In numerous columns, as well as a speech or two, Healtheon (HLTH) has been my poster child for the "I-have-a-dream" Internet IPO.
The Santa Clara, Calif., company that's building a networked community for doctors, patients, hospitals, insurance companies and drug makers was able to sell shares to the public for exactly two reasons (and not, to be sure, in this order): It taps into the potentially huge market for healthcare information, and it's the third brainchild of
founder James Clark. (The company plans to make money by brokering transactions such as referrals, charging subscriptions to its site and peddling healthcare-related goods.)
I had the good fortune of mentioning my Healtheon thesis in June in front of Dick Kramlich of
New Enterprise Associates
, a Healtheon backer who was practicing his trade before most of the people working in Silicon Valley graduated from college.
"Have you met Mike Long?" Kramlich asked, referring to Healtheon's CEO. "No," said I. "Enough said," Kramlich replied. "Okay," I returned, "if Mike Long is so great, Dick, why isn't he going to be CEO of Heatheon when it merges with
," the medical portal in Atlanta? Said Kramlich: "Because Mike's a very wise man."
Well, I've since met Mike Long, who basically agrees with me that times have changed to the point where a previously half-baked company like Healtheon can go public. And I agree with Dick Kramlich that Long is one impressive guy. But why oh why, Mike, are you turning over the CEO job to 29-year-old Jeffrey Arnold, the slick-talking marketeer who heads WebMD?
"Jeff is a marketing genius who'll be one of the great Internet CEOs," says Long. "He's in a position to make a 20-year commitment," whereas Long, 47, with his 3 million shares and options of Healtheon, clearly won't need to work for two more decades. Besides, says Long, "Healtheon WebMD is a high-profile company. I would prefer a lower-profile media position for myself. I much prefer to be an inside guy."
Let's backtrack for a moment. Long formerly was CEO of software services provider
in Austin, Texas, which he sold in 1996 to
. He joined Healtheon in July 1997 after being hounded for the better part of a year by venture capitalist John Doerr (more on him below), whose firm,
Kleiner Perkins Caufield & Byers
, also invested in Healtheon.
To illustrate how far the company and medium have come, Long recalls that Healtheon spent 1996 "defending" the Internet and then, for a while later, defending the new medium's security. Now that few seriously question either point, he's trying to make all the pieces fit together, a massive engineering and marketing task. And he insists there's every reason to believe he's sticking around. Though Arnold will be CEO -- a chance, says Long, for the younger executive to learn -- Long will be chairman and chief operating officer.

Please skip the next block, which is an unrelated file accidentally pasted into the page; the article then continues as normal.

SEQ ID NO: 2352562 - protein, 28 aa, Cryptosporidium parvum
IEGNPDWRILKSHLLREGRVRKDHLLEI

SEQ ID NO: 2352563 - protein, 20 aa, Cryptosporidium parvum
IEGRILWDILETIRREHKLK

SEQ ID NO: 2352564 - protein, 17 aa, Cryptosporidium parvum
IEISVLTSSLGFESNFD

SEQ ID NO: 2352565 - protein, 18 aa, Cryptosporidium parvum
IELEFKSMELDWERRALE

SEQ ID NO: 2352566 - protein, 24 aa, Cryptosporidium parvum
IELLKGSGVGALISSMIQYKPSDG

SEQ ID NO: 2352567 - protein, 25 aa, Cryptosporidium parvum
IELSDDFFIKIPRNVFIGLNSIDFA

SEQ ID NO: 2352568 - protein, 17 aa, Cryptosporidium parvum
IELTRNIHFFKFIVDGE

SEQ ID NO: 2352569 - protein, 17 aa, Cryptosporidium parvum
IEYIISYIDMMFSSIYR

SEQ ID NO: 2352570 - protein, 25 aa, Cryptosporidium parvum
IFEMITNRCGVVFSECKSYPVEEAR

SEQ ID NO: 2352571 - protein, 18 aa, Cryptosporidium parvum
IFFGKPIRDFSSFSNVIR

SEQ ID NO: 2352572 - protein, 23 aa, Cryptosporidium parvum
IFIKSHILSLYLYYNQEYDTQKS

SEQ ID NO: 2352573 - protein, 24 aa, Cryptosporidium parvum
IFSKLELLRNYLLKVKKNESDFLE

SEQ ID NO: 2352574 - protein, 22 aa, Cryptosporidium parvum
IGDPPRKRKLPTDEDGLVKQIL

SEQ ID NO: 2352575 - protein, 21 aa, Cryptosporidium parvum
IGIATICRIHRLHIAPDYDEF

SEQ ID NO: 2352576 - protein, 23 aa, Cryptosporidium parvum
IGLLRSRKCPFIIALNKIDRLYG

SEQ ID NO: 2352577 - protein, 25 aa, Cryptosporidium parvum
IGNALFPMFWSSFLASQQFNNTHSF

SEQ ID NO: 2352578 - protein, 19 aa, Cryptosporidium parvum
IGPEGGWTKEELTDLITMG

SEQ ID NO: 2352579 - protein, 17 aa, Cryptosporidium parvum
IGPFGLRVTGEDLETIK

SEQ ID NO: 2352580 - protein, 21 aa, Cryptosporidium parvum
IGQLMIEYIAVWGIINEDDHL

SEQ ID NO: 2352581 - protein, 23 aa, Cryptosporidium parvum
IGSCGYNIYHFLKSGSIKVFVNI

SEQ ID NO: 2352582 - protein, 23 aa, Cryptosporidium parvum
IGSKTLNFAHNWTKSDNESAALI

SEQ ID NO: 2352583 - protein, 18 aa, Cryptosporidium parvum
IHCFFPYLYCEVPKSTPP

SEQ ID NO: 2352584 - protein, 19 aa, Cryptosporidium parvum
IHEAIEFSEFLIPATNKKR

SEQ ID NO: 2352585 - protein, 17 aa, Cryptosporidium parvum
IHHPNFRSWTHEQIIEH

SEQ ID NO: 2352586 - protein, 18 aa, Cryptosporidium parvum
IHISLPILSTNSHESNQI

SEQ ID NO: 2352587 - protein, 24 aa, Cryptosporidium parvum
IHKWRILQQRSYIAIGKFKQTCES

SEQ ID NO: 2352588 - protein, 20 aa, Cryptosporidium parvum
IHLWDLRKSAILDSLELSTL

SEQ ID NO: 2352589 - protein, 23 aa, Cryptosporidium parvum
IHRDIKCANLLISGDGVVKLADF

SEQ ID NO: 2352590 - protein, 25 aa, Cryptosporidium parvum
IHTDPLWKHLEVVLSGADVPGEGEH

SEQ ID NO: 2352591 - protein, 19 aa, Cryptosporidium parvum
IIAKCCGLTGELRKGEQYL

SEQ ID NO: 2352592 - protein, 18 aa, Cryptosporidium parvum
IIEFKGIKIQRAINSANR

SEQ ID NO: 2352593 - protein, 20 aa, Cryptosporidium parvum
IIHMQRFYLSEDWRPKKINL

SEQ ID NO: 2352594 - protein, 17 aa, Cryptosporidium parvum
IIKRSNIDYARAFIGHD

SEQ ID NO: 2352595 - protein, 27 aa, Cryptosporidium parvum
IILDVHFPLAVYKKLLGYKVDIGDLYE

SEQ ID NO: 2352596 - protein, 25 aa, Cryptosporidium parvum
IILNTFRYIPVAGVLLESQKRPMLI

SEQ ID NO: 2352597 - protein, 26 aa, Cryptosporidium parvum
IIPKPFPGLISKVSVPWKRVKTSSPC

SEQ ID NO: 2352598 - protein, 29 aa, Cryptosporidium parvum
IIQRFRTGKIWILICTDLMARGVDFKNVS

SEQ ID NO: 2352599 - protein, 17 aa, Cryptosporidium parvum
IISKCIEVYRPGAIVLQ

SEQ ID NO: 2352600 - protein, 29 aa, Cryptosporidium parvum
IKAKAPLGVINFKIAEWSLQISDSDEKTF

Healtheon lost $54 million last year on revenue of $49 million. Despite its stock price having fallen to 42 3/8 Thursday from more than 126 in May, the young company is worth almost $3 billion, and its fans include
, which is investing $250 million in WebMD.
Asked if this sort of valuation, and Healtheon's ability to go public with such heavy losses, isn't a bit unnatural, Long responds, "I don't know what unnatural means anymore."
Join the club.
Venture capitalist John Doerr of Kleiner Perkins is famous for lots of things, most notably his early investments in
(and Healtheon, of course). He's also well known for repeatedly opining that the Internet, no matter how frothy its public-market value becomes, remains in the early innings of a long ballgame.
So with baseball metaphors breaking out in a
semiconductor piece in this column earlier in the week, it seemed like a good time to ask Doerr what the current inning is. He responded with a new metaphor, one that is instructive both for his mindset (unchanged) and his use of Web shorthand.
An annotated version of Doerr's missive: "WRT
with regard to Internet development, imho
in my humble opinion we're still just a few milliseconds after the big bang."
Thanks, John. The message is crystal clear.
You Too Can Get In at the IPO Price -- Or Better
When I first saw the
Friedman Billings Ramsey Group
The Wall Street Journal
Wednesday, I'd thought they'd stolen the joke I'd planned to use here. "To everyone who's wanted to get in on IPOs: Congratulations," screamed the ad for
, the Arlington, Va., investment bank's new dot-com unit. "You've got your shot."
It looked odd for a brokerage famous for underwriting second-tier IPOs to be teasing investors who'd lost their shirts, and of course that's not at all what FBR was doing. Instead, it was trumpeting its entry into the IPOs-for-the-rest-of-us category.
The real story is that FBR's headline is more accurate than they or owners of recent Internet IPOs would like to admit. You've heard the bellyaching over how the average investor isn't able to get allocations of hot IPOs. But now, who needs fbr.com,
E*Trade Securities or
? Anyone can get in now on fallen stars at or below their IPO prices.
An incomplete sampling of recent IPOs now trading significantly below their offering price includes:
. Oh, and yes,
closed Thursday at 18 9/16, nearly 50 cents below its offering price.
Adam Lashinsky's column appears Mondays, Wednesdays and Fridays. In keeping with TSC's editorial policy, he doesn't own or short individual stocks, although he owns stock in TheStreet.com. He also doesn't invest in hedge funds or other private investment partnerships. Lashinsky writes a monthly column for Fortune called the Wired Investor, and is a frequent commentator on public radio's Marketplace program. He welcomes your feedback at